It’s that time of the year again…start of the new semester at Curry College…unfamiliar faces in my classrooms…alarm jolting me awake at 4:45 am after a restful couple of summer months of “sleeping in” until 7. I’ve been doing this “teaching thing” for more than 10 years, and the routine doesn’t change.
One thing that never fails to intrigue me is the inevitable encounter with new (as well as not-so-new) students with questions ranging from “what should I study?” to “why do I need to take this course?”
The good news for them is that this won’t be the first time I’ve been asked these questions. The bad news for me is that I really want to give solid advice that will either set them off on the right path or help them get a more solid footing on that path.
I didn’t take a “counseling” course in college. Whatever I do or say in response to these questions comes as a result of my own “take off the training wheels and see what happens” experiences. (Note: I actually pedaled straight off a 12-foot embankment!)
I remember so vividly a few years back counseling a student who was having some serious home issues as well as college studies challenges. We talked at length about his plans, his dreams, his realities…
Finally, in frustration, he said wistfully, “But I’m just a kid.”
My response to him was, “You might think of yourself as a ‘kid,’ but you’re not. You’re at the very beginning of your career pathway, and you’re going to have to take control of your life.”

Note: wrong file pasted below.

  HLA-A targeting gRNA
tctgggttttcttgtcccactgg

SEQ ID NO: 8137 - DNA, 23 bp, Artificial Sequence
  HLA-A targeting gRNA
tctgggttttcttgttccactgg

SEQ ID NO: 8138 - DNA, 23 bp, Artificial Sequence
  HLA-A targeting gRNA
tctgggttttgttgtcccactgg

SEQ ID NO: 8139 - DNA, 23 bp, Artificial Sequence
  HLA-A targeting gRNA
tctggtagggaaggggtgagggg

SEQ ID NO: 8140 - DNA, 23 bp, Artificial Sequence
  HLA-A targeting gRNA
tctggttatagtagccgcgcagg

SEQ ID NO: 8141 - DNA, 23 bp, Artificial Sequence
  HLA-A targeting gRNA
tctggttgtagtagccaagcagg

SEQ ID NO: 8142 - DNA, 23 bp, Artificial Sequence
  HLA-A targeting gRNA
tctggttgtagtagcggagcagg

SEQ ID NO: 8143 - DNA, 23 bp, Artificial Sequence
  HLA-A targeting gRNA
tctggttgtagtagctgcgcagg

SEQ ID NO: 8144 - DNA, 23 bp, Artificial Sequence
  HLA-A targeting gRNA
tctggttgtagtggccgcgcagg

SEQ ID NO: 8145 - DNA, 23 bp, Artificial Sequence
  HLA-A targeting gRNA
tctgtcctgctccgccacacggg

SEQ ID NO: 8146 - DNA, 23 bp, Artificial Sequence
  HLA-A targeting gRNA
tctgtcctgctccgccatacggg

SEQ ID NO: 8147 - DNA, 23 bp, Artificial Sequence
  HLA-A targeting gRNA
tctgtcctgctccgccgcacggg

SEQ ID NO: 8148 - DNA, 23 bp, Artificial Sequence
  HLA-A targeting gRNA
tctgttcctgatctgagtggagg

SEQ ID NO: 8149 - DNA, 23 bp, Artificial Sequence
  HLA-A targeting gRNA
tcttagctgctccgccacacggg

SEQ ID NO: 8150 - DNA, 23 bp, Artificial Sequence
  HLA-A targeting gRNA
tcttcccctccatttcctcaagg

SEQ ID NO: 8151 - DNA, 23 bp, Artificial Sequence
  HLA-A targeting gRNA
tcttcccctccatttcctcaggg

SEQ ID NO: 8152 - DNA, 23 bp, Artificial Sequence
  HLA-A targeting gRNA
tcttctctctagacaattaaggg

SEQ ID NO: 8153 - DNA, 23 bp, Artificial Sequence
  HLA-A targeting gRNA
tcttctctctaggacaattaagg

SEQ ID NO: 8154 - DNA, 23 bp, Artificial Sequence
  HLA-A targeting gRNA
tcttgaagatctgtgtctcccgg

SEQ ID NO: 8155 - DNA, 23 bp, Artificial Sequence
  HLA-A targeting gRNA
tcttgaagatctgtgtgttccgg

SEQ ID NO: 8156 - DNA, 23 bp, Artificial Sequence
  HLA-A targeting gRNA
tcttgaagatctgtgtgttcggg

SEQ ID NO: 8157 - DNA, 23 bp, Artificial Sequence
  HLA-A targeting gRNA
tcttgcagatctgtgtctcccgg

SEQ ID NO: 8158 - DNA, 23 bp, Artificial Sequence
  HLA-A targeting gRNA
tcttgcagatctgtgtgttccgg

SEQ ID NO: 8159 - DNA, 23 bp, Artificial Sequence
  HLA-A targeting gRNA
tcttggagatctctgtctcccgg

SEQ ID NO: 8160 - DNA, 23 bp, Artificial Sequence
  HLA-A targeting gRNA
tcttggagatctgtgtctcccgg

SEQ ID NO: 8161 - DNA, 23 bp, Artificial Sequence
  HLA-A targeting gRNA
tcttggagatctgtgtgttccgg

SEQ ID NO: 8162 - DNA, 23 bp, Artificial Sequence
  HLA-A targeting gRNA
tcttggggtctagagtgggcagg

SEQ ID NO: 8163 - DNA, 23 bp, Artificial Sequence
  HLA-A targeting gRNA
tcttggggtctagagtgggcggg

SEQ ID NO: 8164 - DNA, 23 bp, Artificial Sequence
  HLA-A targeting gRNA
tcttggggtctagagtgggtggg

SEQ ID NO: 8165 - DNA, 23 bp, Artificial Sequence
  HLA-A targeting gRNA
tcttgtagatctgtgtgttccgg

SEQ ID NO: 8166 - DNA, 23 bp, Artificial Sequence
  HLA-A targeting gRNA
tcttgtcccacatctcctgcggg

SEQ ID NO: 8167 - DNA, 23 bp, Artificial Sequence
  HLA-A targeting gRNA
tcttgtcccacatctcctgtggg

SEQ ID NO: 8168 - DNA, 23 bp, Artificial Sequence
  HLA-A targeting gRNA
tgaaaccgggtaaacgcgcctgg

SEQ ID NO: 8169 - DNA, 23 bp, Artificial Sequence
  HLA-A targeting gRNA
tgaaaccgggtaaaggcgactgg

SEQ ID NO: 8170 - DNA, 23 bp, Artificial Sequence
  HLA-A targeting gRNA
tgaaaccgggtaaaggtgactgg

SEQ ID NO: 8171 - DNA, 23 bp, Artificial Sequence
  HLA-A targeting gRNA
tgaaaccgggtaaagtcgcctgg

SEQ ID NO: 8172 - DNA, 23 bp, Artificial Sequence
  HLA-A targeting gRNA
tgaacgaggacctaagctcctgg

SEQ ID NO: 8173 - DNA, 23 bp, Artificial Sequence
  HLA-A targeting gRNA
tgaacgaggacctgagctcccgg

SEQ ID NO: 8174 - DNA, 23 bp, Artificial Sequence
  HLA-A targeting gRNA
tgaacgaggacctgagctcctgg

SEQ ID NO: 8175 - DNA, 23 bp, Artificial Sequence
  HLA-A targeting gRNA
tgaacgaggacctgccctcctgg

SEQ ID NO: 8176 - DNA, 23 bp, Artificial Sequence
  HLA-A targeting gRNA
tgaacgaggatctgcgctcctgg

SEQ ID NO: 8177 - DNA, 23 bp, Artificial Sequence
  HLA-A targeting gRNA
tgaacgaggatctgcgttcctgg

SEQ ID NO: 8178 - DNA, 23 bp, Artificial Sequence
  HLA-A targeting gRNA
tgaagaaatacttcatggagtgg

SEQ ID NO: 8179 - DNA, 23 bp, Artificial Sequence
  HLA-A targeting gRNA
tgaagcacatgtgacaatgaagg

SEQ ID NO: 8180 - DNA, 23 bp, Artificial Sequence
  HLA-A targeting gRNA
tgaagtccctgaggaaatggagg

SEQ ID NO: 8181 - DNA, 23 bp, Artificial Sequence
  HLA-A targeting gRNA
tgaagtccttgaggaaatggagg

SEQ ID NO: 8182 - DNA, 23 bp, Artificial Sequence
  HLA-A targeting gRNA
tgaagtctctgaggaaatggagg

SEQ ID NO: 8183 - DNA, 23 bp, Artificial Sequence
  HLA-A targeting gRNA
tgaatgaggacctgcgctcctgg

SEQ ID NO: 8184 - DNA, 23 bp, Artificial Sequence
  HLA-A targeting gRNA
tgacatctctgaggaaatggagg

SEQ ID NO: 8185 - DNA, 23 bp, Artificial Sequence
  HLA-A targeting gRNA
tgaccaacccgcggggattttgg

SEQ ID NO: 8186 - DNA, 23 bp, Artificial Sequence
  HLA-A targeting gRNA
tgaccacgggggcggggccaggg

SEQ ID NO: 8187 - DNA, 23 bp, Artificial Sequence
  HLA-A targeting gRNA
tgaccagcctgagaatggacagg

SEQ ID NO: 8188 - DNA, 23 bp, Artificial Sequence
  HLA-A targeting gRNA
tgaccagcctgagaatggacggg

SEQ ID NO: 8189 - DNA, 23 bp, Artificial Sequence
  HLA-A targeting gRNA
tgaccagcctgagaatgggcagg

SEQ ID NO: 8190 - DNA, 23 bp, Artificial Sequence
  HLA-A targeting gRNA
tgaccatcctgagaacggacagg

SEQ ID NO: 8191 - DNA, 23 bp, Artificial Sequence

I’m happy to say that he has taken control and is on what I’m sure will be a slow but rewarding climb up the professional ladder.
I’ve written many times about my own totally erratic career path. Undergrad degree in English. Undergrad and grad degrees in business management. Career in public relations: Air Force, Army, high tech, member services, PR firm, healthcare, trade association…cemetery. Now teaching.
Looking back more than 50 years ago, I had absolutely not the slightest intention of doing any of this. Certainly not public relations…I had never even heard of public relations! And being a teacher was as close to the bottom of the ladder as I could imagine.
I’m not complaining, mind you. I’m very happy with the way things have turned out. It’s just that I really would have liked to have had someone offering real-life advice of what and where to go.
So we flash forward to today and my roles both in the academic setting and in the world of public relations. The most comforting assurance that I can offer to my charges is “things will change…many times…and that’s okay.”
I go on to remind them that, much like my earlier student, they are on the way to becoming responsible adults, so they need to start focusing on where they want to go and what they want to do.
So here’s the deal. Start asking yourself, “What am I really interested in?”… “What makes sense given my proven abilities?”… “Which internship(s) did I really enjoy and what job possibilities did they offer?”
Then set (and keep) an appointment with your advisor or your mentor…the person who you feel can give you meaningful guidance.
Then…start thinking of yourself as that professional that you believe you are capable of becoming. Start or continue your networking with other professionals in that area. When they see that you are dead serious about your desire to get a foothold in the career field that they, themselves, have succeeded in, they’re going to offer their own advice and guidance.
But it’s a process, so don’t think you’re going to hit the jackpot right off the bat. Be patient. Be persistent. Be positive. And remember…
The Beatles said it first, “Help!”